Hardcover Quarto (180x252mm) in Good+ condition, bound in the original grey cloth covered boards with white titles to the spine, pictorial dust wrapper in good condition with only one small tear and slightly crushed paper at the top right corner of the front. Inscribed on front fixed end-paper. Three preliminary and 236 pages of text, including glossary, no index; colour and black and white illustrations are scattered throughout the text.
Koevoet, pronounced (koo-foot) is an Afrikaans word meaning 'crowbar' and is the name by which the South West Africa Police Counter-insurgency Unit was commonly known. Also known as 'Operation K' it was a paramilitary-trained police counter insurgency unit which was formed during the South-West African (now known as Namibia) struggle between communist-backed SWAPO insurgents and the South African backed establishment. The unit was considered to be one of the most effective fighting units deployed against the SWAPO guerillas. The name 'Koevoet' was applied to the unit for its ability to pry out insurgents from amongst the civilian population. It unfortunately gained a reputation for brutality against civilians, as a result. The unit was comprised of about 900 Black Ovambos and 300 White officers and NCOs. The latter were drawn from the South-West African or South-African Police Forces. Skilled trackers, drawn from the local population were also hired to ferret out insurgents. Jim Hooper was the first journalist ever to have been given unrestricted access to the unit. When he was given permission to accompany Koevoet units on operations, he was completely unprepared for the vicious guerilla war which he found raging in the dense bush of northern Namibia and Angola.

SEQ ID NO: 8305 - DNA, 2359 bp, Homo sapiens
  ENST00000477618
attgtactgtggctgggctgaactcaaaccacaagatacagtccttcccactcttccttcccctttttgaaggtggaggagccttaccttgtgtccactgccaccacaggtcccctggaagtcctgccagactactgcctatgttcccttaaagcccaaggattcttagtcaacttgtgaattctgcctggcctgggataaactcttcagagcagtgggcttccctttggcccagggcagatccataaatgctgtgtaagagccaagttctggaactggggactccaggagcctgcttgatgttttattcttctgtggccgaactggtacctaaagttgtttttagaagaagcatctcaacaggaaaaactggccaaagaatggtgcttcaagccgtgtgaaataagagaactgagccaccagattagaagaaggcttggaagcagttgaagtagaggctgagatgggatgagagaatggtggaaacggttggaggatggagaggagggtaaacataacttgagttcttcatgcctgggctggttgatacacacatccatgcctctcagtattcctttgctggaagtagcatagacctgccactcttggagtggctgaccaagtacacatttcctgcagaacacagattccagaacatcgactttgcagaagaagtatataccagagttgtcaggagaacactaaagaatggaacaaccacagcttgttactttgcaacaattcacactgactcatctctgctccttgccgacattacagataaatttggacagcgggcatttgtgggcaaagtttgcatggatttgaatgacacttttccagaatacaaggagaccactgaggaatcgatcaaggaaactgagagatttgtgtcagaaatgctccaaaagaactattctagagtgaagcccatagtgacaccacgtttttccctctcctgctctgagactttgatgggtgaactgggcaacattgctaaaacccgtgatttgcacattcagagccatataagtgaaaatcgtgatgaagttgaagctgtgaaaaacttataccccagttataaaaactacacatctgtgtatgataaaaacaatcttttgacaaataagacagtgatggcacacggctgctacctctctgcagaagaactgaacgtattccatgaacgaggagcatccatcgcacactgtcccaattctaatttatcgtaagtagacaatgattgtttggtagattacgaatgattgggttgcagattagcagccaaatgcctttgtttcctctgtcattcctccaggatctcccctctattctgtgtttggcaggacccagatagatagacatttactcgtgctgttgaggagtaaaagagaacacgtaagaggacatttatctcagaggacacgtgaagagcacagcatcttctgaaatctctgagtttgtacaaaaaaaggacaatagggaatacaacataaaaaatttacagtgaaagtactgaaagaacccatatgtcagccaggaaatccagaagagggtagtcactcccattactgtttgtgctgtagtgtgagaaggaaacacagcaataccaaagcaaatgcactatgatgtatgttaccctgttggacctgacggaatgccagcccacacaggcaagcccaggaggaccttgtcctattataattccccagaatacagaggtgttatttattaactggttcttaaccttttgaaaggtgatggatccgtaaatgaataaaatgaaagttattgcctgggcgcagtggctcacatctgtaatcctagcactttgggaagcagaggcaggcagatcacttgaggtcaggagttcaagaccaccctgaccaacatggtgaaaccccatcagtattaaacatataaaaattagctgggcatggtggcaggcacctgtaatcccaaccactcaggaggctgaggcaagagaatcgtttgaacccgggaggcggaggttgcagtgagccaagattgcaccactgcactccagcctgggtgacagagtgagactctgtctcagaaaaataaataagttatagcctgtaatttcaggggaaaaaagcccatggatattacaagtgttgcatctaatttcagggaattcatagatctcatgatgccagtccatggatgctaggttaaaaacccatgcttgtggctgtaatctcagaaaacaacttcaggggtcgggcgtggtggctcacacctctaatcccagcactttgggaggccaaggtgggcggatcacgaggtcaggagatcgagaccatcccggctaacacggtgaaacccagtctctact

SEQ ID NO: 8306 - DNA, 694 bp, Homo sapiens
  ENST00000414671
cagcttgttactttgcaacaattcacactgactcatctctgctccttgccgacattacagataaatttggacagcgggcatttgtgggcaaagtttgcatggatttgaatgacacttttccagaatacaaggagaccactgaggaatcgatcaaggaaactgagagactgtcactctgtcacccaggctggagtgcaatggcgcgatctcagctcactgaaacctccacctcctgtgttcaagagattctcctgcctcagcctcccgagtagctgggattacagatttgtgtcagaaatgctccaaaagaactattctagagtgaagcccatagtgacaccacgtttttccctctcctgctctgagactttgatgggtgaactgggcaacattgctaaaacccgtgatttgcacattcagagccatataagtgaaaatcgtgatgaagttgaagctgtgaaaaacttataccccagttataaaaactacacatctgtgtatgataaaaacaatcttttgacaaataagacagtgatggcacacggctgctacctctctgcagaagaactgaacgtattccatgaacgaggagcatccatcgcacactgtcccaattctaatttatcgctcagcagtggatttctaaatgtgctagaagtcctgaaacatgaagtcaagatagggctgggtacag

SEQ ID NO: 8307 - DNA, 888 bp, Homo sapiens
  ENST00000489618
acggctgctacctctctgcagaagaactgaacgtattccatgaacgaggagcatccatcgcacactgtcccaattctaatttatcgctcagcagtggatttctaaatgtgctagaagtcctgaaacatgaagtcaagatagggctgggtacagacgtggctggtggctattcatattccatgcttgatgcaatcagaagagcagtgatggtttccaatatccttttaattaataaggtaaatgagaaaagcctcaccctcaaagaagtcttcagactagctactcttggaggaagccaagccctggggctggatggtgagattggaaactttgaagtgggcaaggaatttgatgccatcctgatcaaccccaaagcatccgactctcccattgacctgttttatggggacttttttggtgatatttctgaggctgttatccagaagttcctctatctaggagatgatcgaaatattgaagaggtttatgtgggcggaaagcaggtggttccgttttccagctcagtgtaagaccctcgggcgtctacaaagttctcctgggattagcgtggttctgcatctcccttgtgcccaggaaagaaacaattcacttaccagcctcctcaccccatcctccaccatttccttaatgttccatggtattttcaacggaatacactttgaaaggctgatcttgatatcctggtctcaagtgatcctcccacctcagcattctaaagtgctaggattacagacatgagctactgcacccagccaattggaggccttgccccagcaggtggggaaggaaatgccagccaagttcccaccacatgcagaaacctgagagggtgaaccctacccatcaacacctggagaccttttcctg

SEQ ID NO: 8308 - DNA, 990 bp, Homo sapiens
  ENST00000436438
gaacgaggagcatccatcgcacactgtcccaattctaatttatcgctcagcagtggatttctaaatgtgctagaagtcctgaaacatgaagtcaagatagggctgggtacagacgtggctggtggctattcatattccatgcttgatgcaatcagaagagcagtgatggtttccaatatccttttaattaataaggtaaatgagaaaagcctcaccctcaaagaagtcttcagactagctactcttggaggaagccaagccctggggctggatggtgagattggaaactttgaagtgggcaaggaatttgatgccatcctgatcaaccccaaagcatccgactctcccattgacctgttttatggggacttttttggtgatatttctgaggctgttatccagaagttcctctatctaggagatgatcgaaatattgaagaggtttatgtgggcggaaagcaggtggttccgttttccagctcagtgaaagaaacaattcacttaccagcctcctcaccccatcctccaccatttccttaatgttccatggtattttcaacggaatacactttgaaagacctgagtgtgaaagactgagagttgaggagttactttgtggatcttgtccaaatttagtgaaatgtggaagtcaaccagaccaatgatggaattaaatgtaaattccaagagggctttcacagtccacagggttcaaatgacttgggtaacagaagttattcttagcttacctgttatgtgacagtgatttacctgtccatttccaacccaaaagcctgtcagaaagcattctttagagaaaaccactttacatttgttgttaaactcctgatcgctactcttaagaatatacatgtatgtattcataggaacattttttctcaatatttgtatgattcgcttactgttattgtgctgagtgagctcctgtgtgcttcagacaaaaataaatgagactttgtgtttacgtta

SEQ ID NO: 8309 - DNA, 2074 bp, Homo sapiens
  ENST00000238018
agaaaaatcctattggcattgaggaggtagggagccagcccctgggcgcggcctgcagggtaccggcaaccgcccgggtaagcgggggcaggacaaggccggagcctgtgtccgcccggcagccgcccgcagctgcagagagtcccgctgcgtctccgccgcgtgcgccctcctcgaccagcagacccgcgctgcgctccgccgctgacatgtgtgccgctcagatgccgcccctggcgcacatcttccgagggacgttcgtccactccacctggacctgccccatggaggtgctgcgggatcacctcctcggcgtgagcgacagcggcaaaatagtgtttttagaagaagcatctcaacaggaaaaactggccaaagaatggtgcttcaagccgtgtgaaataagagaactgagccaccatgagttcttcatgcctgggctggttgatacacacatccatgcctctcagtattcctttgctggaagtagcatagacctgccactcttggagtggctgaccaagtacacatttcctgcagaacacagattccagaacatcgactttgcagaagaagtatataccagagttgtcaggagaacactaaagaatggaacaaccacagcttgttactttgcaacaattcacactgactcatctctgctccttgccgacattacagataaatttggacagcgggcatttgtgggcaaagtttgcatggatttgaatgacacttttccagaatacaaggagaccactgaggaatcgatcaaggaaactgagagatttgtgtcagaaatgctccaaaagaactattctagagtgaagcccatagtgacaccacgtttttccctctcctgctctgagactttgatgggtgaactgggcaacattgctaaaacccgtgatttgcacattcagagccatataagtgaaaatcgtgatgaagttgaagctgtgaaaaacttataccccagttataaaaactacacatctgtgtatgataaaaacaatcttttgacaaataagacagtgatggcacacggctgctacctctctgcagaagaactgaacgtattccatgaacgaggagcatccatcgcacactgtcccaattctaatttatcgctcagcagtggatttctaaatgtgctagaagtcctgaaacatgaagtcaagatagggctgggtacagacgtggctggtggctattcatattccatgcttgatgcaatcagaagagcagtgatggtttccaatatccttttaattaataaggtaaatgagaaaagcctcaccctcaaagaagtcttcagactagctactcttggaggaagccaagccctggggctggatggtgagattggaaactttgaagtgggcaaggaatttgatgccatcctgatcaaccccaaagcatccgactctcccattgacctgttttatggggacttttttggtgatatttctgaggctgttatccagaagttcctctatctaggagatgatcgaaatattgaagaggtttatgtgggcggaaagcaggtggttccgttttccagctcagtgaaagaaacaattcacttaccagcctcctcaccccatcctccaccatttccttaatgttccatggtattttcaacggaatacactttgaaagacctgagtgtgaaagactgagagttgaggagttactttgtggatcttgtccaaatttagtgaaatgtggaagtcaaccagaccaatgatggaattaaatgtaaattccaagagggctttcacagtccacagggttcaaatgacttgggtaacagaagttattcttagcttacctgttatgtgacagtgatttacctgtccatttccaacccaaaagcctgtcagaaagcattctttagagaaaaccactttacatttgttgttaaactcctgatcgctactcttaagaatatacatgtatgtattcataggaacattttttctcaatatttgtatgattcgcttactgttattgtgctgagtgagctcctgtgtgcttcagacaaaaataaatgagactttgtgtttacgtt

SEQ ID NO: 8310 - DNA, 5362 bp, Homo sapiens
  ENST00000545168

- Jacket Condition: Good
- Binding Condition: Good+
- Overall Condition: Good
- Size: 18x25cm